What Do We Want?: Deciding what Justice Means in Chicago

Some of my friends don’t like going to protests. They say, “I believe in this one thing, but when I get there, all of these other causes are there and I don’t want anyone to think I’m marching as a communist or an anarchist or saying we should get rid of the police.” Protests have a tendency to swell–to begin with one issue and then cascade into a pounding waterfall of grievances. What do we want? Justice? That’s such a big, abstract word.

Every protest is a little bit different. Some of the people are the same–Lamon Reccord, staring down police and running up and down the protest line; or the guy with the communist newspaper–but every protest is different. The first protest I went to this fall, the hearing where activist Malcolm London’s charges were dropped, was a celebration. A crowd of young black protesters gathered in a circle, singing a song of their own rhythm, dancing and shouting, “I love being black! I said, I love being black!” That protest felt like a party. What did we want? Justice. A very narrow, specific justice–for the judicial system to admit the felony charges against Malcolm London were trumped up and targeted. Continue reading

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Vocation is What You do when You’re You

Halfway into my three year graduate degree, I had a problem: I  hated what I was doing. But I was getting paid to do it. I wanted to quit, but I couldn’t walk away from a free education. Several of the other Woodruff Fellowship students in my class were in the same quandary. We didn’t like coming to campus each day, but we couldn’t justify quitting.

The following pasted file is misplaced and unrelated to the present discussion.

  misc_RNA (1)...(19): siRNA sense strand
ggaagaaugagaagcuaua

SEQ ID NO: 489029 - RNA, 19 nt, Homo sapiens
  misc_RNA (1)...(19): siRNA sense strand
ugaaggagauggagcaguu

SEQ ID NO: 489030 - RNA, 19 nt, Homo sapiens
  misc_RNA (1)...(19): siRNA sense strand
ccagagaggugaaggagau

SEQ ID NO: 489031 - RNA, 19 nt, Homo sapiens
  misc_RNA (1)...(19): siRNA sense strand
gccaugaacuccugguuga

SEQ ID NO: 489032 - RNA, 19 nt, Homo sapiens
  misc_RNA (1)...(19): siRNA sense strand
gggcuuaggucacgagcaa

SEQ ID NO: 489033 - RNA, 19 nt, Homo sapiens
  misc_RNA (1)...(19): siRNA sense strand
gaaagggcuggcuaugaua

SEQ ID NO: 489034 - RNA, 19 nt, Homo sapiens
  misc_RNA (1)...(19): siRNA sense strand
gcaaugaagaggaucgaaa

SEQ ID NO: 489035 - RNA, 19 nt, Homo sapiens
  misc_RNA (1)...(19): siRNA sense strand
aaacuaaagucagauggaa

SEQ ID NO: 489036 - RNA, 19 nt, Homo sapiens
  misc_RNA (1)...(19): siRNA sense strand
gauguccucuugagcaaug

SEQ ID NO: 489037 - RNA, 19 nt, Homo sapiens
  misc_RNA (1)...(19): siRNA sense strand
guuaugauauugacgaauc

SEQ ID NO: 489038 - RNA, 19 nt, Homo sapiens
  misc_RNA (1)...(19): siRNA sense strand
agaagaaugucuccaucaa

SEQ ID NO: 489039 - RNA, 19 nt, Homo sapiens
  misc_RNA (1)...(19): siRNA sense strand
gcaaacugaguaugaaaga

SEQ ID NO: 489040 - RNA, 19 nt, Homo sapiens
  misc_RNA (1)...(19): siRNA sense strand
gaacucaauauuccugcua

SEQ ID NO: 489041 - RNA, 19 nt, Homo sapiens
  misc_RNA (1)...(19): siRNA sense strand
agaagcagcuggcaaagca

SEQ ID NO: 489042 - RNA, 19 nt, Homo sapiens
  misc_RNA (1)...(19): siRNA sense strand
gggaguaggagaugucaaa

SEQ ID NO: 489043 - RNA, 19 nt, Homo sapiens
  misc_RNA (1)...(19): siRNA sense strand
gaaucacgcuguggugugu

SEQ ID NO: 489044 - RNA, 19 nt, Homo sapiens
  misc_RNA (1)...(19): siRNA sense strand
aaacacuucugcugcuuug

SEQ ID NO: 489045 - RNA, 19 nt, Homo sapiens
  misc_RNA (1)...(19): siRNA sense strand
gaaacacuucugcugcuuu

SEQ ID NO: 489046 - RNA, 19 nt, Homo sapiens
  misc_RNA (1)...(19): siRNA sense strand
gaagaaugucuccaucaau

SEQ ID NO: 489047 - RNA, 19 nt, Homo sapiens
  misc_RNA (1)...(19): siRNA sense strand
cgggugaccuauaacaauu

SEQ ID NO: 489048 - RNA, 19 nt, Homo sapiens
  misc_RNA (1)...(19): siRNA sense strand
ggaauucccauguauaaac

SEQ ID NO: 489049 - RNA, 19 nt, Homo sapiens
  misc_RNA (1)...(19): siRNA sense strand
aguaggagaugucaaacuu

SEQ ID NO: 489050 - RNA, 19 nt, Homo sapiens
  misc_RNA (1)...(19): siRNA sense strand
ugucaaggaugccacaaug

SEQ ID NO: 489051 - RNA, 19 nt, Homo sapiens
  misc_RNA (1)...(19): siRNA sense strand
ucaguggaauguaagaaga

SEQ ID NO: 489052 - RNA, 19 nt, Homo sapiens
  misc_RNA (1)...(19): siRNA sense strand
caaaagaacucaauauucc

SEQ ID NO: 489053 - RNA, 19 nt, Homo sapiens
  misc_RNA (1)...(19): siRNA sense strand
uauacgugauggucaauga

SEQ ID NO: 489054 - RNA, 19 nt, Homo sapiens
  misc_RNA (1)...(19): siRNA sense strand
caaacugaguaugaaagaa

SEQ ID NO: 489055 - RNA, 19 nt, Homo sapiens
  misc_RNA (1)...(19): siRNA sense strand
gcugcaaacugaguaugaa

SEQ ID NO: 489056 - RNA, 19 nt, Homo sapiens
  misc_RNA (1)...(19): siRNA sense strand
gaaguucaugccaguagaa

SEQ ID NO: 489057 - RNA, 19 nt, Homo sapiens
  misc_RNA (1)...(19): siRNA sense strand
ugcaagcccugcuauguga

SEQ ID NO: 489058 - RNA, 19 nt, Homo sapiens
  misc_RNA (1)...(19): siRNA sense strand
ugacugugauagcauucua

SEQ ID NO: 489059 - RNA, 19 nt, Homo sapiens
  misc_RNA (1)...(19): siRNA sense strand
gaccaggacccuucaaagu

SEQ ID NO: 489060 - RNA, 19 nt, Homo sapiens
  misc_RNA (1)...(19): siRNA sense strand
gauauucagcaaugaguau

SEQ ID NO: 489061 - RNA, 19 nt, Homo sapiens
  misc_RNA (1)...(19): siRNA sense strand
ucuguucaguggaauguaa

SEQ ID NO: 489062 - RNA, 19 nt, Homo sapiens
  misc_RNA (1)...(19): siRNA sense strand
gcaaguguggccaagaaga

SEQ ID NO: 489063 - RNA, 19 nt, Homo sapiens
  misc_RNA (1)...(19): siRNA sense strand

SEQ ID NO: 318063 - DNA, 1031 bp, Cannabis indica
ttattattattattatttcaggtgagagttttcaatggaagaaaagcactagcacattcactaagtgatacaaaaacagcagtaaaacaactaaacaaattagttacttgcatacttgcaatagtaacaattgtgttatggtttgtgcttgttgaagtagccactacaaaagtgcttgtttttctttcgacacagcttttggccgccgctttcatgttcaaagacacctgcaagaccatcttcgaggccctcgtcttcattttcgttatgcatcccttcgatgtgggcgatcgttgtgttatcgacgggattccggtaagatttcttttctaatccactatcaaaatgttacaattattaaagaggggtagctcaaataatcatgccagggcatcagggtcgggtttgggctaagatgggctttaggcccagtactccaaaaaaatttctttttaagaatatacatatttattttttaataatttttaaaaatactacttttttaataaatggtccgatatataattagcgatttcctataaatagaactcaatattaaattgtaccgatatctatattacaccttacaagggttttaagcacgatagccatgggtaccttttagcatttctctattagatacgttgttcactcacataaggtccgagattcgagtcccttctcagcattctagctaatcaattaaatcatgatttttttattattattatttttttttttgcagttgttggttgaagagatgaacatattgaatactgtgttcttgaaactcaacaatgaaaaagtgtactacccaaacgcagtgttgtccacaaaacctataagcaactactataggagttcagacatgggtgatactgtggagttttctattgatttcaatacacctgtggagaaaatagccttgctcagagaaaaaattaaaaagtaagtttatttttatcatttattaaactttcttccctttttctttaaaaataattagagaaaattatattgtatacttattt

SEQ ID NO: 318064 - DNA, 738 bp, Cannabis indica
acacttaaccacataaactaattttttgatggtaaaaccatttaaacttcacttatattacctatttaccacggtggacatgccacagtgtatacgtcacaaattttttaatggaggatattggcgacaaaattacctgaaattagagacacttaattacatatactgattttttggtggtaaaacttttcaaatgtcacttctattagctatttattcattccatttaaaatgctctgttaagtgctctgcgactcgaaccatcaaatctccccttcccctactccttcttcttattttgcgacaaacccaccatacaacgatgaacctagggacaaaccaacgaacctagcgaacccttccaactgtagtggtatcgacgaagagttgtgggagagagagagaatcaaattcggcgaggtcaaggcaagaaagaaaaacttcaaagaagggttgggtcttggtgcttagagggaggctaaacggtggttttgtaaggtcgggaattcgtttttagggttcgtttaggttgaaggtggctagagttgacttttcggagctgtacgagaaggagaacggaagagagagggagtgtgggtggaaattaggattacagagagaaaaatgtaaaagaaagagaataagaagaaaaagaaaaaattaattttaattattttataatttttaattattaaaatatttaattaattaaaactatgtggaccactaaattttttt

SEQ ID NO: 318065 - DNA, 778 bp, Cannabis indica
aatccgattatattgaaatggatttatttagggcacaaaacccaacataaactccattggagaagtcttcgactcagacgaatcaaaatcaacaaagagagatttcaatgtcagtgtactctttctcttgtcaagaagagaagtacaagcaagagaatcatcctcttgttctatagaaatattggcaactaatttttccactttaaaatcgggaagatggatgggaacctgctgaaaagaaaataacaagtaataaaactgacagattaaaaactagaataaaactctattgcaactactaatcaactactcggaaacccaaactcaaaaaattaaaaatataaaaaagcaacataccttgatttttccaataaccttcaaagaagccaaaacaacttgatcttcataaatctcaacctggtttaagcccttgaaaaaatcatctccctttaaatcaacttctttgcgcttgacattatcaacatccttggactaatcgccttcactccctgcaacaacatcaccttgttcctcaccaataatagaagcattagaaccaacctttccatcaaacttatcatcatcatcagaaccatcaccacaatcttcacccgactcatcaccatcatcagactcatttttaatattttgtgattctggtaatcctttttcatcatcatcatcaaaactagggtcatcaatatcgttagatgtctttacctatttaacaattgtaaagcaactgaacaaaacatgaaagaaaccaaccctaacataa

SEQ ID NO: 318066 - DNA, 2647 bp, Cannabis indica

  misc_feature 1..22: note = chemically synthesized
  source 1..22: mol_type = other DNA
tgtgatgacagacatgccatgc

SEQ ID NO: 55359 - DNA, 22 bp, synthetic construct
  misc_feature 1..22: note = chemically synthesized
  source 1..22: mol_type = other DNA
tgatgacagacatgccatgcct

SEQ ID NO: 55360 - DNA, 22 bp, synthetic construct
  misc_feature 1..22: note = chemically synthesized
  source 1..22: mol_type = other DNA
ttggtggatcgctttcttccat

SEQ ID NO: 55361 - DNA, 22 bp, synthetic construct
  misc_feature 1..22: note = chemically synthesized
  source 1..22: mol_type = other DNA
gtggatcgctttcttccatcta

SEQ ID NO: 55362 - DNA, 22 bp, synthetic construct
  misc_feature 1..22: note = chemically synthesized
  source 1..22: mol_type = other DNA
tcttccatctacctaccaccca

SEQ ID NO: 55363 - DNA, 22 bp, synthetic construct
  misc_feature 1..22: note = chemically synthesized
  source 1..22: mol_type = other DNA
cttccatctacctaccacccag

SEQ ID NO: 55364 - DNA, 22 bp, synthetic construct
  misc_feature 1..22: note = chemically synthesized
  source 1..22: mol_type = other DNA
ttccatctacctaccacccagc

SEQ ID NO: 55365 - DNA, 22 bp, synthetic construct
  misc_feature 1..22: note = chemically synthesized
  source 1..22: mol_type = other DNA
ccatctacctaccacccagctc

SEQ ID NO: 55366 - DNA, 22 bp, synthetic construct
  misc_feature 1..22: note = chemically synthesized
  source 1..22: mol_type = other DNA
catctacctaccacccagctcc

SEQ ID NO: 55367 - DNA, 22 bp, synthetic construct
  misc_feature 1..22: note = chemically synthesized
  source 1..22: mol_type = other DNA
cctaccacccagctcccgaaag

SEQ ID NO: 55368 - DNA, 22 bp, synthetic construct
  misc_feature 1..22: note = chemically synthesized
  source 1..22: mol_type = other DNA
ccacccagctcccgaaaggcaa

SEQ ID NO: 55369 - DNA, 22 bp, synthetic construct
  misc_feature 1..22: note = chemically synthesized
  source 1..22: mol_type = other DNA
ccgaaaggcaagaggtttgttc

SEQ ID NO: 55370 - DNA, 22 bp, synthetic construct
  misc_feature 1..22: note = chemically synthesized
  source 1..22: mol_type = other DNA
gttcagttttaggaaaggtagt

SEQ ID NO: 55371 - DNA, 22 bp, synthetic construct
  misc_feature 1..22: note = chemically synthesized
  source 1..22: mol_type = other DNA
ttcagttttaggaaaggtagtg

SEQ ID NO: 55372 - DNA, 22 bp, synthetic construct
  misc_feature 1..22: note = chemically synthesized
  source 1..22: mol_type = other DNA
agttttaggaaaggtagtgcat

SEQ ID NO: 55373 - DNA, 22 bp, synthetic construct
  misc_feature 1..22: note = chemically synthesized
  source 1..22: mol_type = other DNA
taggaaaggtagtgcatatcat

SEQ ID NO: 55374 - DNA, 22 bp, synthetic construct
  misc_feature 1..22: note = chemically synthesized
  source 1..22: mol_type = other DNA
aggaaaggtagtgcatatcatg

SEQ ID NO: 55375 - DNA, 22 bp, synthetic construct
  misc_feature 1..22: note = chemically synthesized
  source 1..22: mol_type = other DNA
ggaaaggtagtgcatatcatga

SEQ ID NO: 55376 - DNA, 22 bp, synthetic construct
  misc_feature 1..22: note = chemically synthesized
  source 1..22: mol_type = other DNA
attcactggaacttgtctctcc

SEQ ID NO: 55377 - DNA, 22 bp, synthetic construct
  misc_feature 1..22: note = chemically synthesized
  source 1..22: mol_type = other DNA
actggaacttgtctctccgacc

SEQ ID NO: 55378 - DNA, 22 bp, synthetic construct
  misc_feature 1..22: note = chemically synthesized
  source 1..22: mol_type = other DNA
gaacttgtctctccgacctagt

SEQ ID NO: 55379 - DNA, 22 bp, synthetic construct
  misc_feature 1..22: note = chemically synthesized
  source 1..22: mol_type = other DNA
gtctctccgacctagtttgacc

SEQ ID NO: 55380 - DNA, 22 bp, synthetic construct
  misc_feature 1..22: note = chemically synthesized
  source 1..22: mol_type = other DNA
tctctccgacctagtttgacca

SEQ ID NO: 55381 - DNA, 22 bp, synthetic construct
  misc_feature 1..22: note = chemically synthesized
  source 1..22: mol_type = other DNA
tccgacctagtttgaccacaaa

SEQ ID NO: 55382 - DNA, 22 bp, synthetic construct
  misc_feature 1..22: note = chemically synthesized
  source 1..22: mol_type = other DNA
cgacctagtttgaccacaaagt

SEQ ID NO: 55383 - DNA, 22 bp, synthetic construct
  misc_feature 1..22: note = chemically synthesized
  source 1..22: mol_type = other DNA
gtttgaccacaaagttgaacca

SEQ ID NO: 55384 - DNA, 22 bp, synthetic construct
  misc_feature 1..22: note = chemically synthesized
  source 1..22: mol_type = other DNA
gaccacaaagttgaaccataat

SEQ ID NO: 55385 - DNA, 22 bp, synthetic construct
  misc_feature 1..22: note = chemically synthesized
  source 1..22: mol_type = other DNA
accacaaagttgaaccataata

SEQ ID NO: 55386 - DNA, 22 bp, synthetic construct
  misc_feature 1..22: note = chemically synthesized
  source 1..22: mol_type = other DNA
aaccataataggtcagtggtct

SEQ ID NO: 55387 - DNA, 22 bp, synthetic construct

I didn’t stop caring on purpose. It just… happened. But even on autopilot, my grades never dipped below A-. I appeared to be a put-together, invested student. Because I was very good at doing what I hated. But I had didn’t care what happened in the campus, in the classroom, in my thesis. I opted to do a thesis my third year purely because it was six credits I didn’t have to do in a classroom. I chose my class not by “courses I want to take” but by “professors that won’t make me want to drop out eight times a day, even though I’m only four months from graduation.”

Somewhere in that final year, working with professors who were entirely reasonable (if, for some unfathomable reason, committed to a bureaucratic school in a hell-hole of a Southern city), I realized: I hated seminary–I didn’t hate life. Continue reading